A four-month union boycott of eight major Los Angeles-area hotels is costing the facilities millions of dollars, but so far it's failed to achieve its intended result of moving along collective bargaining negotiations.

The Westin Century Plaza Hotel & Spa and the other hotels locked in a labor dispute have lost at least $5 million in canceled meeting, banquet and convention business, according to Local 11 of Unite HERE a figure not disputed by the hotels.

It's likely the hotels have lost even more business from conventions and other events that have not been scheduled because of the boycott, though hotel representatives are not willing to release exact numbers.

"The cost of the boycott is becoming substantial," acknowledged Fred Muir, a consultant to the Los Angeles Hotel Employer's Council, which is bargaining on behalf of the hotels. "(The extent) is what we are not prepared to talk about."

The 2,800 member local of housekeepers, maintenance people and other hotel employees targeted the hotels on Nov. 11 after months of negotiations failed to produce a contract.

Aside from wage and benefit increases, a big stumbling block has been a union demand for the contract to end in 2006, coinciding with the expiration dates in other cities. This presumably would give the union more power as a massive collective bargaining unit.

There hasn't been a negotiating session since Feb. 7 and as of late last week no new ones had been scheduled.

The California Teachers Association, part of the 10,000-member delegation of the National Education Association that will reserve 42,000 room nights in early July for its annual week-long convention, also will not patronize the hotels.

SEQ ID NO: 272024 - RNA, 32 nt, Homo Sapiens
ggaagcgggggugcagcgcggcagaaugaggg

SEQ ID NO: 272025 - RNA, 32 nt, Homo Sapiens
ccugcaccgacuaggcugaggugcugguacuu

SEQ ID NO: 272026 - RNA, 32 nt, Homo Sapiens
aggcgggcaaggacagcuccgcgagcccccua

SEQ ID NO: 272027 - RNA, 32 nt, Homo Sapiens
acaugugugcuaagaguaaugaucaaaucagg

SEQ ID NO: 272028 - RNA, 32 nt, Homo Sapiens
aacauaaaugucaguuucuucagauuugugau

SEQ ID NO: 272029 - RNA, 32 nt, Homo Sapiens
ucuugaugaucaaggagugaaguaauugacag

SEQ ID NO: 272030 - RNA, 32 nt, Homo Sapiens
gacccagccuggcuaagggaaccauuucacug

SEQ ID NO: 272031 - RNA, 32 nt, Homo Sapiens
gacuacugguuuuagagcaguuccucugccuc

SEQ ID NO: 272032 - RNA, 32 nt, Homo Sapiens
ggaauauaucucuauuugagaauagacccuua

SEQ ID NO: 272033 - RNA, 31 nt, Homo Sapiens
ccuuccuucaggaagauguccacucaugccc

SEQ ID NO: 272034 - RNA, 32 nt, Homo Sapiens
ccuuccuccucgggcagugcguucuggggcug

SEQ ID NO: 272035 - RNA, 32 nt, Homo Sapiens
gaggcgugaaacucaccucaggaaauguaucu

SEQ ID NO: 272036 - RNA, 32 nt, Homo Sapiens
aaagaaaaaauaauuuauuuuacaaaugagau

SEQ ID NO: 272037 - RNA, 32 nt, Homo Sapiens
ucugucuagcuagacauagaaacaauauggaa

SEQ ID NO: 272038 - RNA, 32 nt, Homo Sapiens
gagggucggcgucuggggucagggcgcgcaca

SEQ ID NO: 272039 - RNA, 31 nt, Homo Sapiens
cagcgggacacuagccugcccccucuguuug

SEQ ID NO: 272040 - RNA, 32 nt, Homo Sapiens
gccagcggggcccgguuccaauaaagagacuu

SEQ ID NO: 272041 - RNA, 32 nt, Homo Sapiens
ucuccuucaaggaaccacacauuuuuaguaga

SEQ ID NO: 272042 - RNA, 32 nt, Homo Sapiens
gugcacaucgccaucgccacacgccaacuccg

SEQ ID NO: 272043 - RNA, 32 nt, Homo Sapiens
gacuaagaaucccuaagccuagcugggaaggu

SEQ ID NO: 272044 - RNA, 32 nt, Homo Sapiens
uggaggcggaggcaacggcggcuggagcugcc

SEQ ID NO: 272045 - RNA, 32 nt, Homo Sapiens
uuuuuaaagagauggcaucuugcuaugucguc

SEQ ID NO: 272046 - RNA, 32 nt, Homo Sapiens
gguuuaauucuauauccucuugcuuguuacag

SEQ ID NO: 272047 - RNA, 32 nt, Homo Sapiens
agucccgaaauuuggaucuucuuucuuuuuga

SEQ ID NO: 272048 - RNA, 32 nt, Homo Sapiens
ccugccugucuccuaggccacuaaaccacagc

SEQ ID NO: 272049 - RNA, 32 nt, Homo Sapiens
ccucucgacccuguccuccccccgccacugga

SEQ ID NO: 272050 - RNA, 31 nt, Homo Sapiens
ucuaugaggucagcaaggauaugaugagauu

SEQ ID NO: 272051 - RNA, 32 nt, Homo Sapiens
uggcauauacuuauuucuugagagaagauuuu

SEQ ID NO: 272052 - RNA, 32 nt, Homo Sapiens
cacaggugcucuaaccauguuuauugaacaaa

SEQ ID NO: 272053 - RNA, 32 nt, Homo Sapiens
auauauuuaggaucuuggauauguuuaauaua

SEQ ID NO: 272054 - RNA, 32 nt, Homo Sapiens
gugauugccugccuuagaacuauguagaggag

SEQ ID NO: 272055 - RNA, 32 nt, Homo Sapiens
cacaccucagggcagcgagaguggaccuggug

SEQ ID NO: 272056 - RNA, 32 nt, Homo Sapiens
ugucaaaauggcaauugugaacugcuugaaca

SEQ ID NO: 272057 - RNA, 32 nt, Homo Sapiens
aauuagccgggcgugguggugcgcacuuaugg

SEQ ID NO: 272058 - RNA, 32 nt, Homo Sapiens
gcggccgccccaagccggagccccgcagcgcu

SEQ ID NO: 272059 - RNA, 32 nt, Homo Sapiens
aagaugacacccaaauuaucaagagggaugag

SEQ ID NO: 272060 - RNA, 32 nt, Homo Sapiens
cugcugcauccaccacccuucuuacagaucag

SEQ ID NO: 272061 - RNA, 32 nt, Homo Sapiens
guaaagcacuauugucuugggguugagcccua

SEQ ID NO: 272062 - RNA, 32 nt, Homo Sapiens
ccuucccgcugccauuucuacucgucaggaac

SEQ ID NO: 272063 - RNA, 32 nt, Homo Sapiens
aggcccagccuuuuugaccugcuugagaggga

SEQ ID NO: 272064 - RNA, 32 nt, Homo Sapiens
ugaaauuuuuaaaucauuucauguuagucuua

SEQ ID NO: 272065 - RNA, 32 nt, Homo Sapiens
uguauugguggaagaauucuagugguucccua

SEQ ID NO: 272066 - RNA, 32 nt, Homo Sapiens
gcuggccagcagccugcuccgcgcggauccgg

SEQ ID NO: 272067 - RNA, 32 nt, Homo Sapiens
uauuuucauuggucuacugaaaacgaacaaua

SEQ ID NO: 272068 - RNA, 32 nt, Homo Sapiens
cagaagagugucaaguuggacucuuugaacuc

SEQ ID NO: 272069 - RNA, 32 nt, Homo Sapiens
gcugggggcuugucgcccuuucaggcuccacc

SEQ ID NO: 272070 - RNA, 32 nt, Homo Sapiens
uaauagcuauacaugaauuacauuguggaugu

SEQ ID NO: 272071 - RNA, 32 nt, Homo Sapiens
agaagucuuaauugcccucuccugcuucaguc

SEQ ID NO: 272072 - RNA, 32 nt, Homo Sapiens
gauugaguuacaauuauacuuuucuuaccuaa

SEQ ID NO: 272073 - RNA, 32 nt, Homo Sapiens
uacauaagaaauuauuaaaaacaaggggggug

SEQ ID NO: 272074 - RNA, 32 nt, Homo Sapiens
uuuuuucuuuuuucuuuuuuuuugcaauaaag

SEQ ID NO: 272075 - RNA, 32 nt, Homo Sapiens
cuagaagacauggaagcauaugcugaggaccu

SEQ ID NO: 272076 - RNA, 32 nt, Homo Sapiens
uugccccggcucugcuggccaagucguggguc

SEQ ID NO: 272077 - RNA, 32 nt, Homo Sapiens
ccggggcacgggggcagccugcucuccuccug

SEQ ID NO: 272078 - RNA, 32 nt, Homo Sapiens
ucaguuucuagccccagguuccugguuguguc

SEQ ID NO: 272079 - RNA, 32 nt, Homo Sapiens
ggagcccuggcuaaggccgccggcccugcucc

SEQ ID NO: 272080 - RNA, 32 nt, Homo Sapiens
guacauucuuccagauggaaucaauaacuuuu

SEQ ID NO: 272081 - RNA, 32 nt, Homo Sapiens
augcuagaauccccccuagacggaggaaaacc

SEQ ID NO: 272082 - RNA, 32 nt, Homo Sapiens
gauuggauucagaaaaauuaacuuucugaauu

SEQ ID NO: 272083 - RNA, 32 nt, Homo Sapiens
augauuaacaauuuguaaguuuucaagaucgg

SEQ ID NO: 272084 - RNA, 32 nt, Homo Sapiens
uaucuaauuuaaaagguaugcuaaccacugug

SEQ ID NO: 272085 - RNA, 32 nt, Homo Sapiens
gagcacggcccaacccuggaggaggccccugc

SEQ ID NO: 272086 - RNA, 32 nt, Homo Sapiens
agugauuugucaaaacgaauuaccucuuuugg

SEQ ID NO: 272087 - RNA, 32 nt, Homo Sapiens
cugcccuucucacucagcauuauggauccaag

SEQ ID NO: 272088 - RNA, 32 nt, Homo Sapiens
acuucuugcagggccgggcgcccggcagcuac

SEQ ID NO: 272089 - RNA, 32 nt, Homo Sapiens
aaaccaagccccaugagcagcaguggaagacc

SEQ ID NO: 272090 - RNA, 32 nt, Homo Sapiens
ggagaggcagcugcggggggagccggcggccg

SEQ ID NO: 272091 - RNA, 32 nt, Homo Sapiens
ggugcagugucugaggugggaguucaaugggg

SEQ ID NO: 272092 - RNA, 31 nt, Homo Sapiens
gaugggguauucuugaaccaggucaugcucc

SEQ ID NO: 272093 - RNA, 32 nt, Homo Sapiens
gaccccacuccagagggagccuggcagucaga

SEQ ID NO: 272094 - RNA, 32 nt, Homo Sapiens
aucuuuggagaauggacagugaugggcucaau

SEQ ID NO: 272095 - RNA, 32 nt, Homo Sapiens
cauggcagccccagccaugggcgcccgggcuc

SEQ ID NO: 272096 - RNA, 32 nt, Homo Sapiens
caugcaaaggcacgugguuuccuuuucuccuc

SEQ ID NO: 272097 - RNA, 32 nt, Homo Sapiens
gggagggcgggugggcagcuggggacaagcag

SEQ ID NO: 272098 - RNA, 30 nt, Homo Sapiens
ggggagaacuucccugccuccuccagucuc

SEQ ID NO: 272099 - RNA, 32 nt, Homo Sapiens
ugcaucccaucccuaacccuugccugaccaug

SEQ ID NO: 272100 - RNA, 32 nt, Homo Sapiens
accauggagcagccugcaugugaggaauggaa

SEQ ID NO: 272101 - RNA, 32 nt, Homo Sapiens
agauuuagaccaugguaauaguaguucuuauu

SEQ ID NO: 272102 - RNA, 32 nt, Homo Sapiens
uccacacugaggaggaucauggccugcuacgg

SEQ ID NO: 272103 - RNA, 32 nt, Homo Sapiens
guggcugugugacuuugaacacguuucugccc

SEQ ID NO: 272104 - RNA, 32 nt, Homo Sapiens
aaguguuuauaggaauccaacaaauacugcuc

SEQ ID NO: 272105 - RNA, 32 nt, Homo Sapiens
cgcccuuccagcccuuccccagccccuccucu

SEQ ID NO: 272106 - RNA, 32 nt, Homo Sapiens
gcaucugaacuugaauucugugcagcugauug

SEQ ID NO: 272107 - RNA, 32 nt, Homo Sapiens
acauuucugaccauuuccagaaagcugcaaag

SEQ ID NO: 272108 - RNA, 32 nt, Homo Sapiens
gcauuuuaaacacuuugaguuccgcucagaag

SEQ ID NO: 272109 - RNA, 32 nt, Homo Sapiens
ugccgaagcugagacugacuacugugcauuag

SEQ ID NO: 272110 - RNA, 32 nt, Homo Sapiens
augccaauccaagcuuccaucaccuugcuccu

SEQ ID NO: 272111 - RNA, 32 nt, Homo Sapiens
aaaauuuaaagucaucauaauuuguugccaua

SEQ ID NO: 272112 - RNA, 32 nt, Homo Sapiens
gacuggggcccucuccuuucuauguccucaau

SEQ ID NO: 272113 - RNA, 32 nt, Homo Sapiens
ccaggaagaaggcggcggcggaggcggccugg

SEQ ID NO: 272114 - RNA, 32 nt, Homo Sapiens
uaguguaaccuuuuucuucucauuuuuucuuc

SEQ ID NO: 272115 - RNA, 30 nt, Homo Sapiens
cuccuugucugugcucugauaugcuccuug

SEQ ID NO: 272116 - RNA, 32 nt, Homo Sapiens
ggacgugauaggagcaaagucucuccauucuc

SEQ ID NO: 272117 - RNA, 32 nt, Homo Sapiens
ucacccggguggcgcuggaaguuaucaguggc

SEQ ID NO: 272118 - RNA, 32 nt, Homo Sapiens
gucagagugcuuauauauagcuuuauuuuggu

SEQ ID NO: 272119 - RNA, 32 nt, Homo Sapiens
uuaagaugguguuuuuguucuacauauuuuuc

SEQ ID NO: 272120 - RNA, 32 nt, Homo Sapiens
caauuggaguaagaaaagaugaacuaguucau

L.A. Inc., the city's convention bureau, estimates the event will pump $17.2 million into the area's economy. Also being affected are bellhops, waitresses and bartenders, whose income from tips has been reduced.

"We respect the rights of those employees and will not patronize those establishments," said Becky Zoglman, spokeswoman for the CTA. "We are already looking for other hotels."

The hotels are not budging from their negotiating position. "The hotel is financially stable so being hurt a little is OK," said Harris Chan, general manager of the Century Plaza Hotel.

One reason the hotels may not be budging: the area is seeing an increase in room reservations. Daily average occupancy rates across the county jumped to 71.6 percent in 2004, up from 67.4 percent the year before. And downtown L.A. hotels averaged 61.3 percent last year, up from 54.9 percent in 2003.

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